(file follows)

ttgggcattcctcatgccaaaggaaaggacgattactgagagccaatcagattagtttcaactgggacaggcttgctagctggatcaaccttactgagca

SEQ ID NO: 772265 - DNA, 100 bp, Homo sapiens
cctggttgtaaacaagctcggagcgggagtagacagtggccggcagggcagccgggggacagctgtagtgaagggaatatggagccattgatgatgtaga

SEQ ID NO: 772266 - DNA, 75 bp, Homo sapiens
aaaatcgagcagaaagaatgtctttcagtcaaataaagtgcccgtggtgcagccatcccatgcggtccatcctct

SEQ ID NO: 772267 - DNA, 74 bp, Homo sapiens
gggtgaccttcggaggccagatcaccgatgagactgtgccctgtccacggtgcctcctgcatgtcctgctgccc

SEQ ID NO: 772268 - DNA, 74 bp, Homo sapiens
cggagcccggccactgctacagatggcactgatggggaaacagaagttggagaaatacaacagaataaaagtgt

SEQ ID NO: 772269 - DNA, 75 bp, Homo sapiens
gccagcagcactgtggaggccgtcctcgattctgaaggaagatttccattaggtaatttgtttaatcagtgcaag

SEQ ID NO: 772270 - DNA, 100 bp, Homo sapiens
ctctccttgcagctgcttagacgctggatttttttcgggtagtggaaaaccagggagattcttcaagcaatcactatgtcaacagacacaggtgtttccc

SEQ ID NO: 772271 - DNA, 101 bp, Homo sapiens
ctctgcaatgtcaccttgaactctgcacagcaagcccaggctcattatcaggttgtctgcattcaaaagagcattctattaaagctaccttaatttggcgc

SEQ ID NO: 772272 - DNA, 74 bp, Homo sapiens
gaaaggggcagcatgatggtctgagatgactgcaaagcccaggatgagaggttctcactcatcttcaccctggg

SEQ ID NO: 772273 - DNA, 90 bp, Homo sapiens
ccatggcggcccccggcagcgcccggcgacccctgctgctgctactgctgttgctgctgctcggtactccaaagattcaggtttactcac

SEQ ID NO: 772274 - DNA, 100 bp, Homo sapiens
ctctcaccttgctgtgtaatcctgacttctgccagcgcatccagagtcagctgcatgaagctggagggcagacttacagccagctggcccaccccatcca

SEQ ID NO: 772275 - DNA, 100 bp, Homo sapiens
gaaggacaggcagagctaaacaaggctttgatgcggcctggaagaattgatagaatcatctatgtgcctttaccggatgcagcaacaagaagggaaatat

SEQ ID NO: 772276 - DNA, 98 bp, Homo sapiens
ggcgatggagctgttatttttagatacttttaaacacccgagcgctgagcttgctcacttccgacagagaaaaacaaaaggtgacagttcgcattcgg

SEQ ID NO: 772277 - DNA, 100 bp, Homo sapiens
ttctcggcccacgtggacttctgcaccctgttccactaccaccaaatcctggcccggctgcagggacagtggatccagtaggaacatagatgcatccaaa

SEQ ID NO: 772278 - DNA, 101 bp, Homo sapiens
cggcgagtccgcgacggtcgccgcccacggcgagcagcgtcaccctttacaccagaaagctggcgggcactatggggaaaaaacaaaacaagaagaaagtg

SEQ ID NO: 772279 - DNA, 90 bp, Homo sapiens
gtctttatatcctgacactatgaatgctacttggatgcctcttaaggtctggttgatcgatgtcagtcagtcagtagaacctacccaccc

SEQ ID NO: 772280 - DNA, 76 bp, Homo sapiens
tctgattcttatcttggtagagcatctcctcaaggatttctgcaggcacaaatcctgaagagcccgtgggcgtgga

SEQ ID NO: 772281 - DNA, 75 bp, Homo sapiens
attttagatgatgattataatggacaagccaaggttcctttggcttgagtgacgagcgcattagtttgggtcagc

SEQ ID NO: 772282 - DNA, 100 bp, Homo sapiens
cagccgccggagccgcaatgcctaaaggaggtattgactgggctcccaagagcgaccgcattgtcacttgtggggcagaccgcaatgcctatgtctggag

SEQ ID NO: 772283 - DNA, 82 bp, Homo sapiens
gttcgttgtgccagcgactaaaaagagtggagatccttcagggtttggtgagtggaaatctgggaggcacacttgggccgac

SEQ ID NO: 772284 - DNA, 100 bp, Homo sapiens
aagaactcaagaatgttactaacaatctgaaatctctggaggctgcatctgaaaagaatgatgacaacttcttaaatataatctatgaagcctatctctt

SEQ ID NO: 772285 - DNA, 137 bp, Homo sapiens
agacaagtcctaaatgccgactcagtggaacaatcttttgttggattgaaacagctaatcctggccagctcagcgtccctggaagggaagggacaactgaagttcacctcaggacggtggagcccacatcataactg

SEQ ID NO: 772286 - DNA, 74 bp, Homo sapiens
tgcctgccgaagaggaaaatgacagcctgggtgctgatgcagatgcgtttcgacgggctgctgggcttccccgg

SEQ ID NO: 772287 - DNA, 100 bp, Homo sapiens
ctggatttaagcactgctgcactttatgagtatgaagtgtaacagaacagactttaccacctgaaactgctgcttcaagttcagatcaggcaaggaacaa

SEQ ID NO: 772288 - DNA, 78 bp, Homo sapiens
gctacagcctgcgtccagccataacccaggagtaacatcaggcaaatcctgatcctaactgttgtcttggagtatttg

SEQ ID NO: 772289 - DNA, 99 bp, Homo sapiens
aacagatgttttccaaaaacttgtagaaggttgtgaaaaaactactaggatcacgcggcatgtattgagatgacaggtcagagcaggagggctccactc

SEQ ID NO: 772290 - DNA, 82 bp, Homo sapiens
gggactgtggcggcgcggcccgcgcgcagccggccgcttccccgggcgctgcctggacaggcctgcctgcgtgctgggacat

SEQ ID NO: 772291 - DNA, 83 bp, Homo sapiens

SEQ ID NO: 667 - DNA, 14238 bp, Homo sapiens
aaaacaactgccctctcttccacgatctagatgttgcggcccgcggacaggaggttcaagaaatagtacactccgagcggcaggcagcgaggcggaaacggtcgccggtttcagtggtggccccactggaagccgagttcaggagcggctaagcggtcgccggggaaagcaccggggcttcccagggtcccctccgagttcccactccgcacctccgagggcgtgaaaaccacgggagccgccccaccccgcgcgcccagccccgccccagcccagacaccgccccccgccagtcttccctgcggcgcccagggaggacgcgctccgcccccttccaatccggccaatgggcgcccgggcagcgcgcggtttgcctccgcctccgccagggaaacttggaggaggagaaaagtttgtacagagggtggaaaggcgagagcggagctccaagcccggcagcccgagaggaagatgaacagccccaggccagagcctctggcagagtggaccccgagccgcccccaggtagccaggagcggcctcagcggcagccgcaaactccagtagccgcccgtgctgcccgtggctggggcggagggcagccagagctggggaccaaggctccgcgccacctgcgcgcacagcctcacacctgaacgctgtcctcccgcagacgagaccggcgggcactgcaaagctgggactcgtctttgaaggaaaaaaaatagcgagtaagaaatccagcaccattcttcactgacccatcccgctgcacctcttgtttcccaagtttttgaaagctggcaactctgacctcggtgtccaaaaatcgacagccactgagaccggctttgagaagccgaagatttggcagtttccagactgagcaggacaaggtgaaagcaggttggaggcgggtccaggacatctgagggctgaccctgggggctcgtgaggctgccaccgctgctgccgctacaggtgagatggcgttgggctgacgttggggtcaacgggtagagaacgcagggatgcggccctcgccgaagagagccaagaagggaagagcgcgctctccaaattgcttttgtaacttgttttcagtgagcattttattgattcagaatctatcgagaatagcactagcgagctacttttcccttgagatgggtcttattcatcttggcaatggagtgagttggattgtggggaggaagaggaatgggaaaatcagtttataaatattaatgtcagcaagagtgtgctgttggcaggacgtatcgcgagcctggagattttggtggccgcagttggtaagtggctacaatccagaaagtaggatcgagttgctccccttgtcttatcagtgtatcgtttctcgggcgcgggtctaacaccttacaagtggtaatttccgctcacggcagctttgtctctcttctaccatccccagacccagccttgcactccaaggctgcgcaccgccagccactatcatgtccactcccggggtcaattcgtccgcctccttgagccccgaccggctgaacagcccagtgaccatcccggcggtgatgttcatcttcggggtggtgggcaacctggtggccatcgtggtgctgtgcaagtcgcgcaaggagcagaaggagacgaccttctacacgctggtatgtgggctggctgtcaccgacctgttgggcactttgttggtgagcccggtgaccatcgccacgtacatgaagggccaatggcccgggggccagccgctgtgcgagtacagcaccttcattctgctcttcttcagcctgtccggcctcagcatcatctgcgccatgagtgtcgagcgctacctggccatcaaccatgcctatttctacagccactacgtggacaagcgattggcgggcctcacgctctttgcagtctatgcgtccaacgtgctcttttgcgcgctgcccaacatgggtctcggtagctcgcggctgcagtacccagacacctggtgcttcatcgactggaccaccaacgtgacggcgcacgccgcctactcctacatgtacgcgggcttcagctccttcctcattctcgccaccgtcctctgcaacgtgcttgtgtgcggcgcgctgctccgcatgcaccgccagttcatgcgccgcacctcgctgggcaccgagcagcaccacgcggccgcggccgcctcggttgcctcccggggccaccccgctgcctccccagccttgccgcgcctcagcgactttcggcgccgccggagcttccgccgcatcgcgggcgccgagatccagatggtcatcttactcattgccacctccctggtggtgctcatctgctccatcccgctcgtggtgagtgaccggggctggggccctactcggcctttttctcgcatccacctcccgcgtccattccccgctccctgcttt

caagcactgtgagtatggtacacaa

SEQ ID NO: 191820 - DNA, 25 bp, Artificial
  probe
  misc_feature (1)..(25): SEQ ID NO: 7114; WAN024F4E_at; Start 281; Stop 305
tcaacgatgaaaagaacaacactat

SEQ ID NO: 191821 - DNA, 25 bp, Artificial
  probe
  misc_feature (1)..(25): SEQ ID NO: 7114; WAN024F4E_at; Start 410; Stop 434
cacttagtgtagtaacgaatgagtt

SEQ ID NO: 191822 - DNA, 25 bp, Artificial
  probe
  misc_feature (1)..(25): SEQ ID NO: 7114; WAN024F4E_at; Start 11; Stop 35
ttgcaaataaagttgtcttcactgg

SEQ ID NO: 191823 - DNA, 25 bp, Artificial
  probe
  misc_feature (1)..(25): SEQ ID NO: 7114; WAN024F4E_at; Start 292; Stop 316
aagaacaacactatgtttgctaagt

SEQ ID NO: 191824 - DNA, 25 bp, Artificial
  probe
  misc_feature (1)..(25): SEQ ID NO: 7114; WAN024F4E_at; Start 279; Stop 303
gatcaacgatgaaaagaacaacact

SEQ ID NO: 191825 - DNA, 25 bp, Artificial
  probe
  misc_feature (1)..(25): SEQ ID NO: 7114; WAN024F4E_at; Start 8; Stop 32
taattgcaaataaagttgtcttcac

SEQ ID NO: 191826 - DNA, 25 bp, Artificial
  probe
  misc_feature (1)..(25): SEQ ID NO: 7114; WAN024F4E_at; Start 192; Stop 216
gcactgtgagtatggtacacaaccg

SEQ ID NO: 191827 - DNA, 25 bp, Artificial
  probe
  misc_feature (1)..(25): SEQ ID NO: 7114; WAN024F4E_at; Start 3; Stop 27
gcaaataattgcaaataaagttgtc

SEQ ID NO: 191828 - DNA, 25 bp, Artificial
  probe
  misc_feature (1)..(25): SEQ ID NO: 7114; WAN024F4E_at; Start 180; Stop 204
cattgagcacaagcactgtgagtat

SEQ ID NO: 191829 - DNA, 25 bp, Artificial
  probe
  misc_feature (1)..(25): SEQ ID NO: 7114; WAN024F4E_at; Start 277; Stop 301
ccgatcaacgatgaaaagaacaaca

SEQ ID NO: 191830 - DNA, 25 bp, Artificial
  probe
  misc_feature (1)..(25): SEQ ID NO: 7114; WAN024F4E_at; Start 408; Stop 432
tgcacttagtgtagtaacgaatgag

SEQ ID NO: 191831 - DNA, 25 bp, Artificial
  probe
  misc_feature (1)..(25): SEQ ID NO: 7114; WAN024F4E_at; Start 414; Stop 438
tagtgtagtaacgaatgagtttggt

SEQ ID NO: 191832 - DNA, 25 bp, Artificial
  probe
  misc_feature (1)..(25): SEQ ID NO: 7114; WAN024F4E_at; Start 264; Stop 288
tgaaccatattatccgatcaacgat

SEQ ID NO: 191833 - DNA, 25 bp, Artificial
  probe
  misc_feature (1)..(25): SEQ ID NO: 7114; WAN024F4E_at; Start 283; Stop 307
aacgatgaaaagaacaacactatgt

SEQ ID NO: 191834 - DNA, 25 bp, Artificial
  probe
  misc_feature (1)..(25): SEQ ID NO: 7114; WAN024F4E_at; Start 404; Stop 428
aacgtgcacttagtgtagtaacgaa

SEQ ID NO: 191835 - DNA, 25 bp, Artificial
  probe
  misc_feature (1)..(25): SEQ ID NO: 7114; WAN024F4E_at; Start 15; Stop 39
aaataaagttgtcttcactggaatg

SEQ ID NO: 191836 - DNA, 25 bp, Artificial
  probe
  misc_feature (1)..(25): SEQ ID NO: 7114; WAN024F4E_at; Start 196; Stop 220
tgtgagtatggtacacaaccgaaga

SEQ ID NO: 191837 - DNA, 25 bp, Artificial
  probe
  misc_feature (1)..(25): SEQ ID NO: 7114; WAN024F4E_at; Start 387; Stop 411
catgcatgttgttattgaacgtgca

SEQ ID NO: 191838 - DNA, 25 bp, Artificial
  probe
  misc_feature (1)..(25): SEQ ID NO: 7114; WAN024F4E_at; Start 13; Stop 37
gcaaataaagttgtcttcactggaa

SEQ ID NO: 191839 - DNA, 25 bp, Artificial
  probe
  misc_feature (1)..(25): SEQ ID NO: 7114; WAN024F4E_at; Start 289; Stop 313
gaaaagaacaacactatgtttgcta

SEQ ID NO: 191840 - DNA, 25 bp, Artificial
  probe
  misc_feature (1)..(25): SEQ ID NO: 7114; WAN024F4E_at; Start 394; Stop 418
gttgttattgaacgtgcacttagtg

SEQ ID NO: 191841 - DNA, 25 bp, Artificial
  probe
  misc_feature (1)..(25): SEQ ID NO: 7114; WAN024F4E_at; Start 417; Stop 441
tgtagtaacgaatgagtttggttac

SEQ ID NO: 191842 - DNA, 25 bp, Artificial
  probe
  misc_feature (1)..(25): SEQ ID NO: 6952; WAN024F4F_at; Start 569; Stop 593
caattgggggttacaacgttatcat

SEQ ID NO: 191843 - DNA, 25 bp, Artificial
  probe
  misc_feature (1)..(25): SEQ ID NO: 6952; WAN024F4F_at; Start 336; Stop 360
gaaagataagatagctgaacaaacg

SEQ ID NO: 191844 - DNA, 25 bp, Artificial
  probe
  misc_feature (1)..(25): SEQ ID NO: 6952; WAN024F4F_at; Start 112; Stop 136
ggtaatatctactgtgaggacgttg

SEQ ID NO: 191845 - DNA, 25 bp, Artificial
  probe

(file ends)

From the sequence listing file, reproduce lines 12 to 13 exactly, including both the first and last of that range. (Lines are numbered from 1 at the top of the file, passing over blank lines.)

SEQ ID NO: 772270 - DNA, 100 bp, Homo sapiens
ctctccttgcagctgcttagacgctggatttttttcgggtagtggaaaaccagggagattcttcaagcaatcactatgtcaacagacacaggtgtttccc